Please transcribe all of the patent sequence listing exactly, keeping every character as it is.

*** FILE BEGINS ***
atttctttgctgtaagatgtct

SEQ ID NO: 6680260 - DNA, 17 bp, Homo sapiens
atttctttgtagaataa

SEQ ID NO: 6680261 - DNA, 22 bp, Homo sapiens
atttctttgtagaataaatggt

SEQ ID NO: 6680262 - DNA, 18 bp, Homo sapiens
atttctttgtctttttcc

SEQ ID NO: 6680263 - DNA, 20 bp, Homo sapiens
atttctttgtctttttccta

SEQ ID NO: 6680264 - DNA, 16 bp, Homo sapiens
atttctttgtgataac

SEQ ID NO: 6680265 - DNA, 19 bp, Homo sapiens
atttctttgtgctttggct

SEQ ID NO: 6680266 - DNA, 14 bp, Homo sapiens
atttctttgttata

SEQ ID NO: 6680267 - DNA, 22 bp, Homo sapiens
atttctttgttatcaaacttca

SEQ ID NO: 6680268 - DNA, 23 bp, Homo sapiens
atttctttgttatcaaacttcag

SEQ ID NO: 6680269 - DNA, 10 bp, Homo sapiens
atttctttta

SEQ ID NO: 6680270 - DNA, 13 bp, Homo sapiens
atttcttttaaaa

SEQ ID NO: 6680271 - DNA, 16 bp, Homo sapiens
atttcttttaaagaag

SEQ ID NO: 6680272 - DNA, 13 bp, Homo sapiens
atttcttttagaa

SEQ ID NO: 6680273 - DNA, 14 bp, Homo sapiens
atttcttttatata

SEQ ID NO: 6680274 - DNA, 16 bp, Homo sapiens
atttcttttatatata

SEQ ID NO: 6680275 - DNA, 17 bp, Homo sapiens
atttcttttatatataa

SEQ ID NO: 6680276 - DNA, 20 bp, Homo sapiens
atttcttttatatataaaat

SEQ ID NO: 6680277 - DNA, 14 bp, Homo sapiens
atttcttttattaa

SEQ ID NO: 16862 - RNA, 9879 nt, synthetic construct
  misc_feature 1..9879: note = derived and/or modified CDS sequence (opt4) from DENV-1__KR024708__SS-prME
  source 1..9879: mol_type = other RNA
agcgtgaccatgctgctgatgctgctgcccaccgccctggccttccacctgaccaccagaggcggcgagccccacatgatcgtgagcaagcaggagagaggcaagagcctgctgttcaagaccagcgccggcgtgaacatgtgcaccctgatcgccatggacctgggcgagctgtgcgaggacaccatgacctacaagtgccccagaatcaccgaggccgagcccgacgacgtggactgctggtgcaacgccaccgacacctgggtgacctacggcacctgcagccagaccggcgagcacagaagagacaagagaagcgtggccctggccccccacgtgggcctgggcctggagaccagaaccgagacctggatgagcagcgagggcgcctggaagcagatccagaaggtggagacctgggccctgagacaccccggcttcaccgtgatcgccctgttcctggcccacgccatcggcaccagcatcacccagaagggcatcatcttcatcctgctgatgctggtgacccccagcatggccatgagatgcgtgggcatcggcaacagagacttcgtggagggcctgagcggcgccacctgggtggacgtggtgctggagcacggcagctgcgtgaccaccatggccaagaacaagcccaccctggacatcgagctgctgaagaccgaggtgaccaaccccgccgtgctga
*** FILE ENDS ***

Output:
atttctttgctgtaagatgtct

SEQ ID NO: 6680260 - DNA, 17 bp, Homo sapiens
atttctttgtagaataa

SEQ ID NO: 6680261 - DNA, 22 bp, Homo sapiens
atttctttgtagaataaatggt

SEQ ID NO: 6680262 - DNA, 18 bp, Homo sapiens
atttctttgtctttttcc

SEQ ID NO: 6680263 - DNA, 20 bp, Homo sapiens
atttctttgtctttttccta

SEQ ID NO: 6680264 - DNA, 16 bp, Homo sapiens
atttctttgtgataac

SEQ ID NO: 6680265 - DNA, 19 bp, Homo sapiens
atttctttgtgctttggct

SEQ ID NO: 6680266 - DNA, 14 bp, Homo sapiens
atttctttgttata

SEQ ID NO: 6680267 - DNA, 22 bp, Homo sapiens
atttctttgttatcaaacttca

SEQ ID NO: 6680268 - DNA, 23 bp, Homo sapiens
atttctttgttatcaaacttcag

SEQ ID NO: 6680269 - DNA, 10 bp, Homo sapiens
atttctttta

SEQ ID NO: 6680270 - DNA, 13 bp, Homo sapiens
atttcttttaaaa

SEQ ID NO: 6680271 - DNA, 16 bp, Homo sapiens
atttcttttaaagaag

SEQ ID NO: 6680272 - DNA, 13 bp, Homo sapiens
atttcttttagaa

SEQ ID NO: 6680273 - DNA, 14 bp, Homo sapiens
atttcttttatata

SEQ ID NO: 6680274 - DNA, 16 bp, Homo sapiens
atttcttttatatata

SEQ ID NO: 6680275 - DNA, 17 bp, Homo sapiens
atttcttttatatataa

SEQ ID NO: 6680276 - DNA, 20 bp, Homo sapiens
atttcttttatatataaaat

SEQ ID NO: 6680277 - DNA, 14 bp, Homo sapiens
atttcttttattaa

SEQ ID NO: 16862 - RNA, 9879 nt, synthetic construct
  misc_feature 1..9879: note = derived and/or modified CDS sequence (opt4) from DENV-1__KR024708__SS-prME
  source 1..9879: mol_type = other RNA
agcgtgaccatgctgctgatgctgctgcccaccgccctggccttccacctgaccaccagaggcggcgagccccacatgatcgtgagcaagcaggagagaggcaagagcctgctgttcaagaccagcgccggcgtgaacatgtgcaccctgatcgccatggacctgggcgagctgtgcgaggacaccatgacctacaagtgccccagaatcaccgaggccgagcccgacgacgtggactgctggtgcaacgccaccgacacctgggtgacctacggcacctgcagccagaccggcgagcacagaagagacaagagaagcgtggccctggccccccacgtgggcctgggcctggagaccagaaccgagacctggatgagcagcgagggcgcctggaagcagatccagaaggtggagacctgggccctgagacaccccggcttcaccgtgatcgccctgttcctggcccacgccatcggcaccagcatcacccagaagggcatcatcttcatcctgctgatgctggtgacccccagcatggccatgagatgcgtgggcatcggcaacagagacttcgtggagggcctgagcggcgccacctgggtggacgtggtgctggagcacggcagctgcgtgaccaccatggccaagaacaagcccaccctggacatcgagctgctgaagaccgaggtgaccaaccccgccgtgctga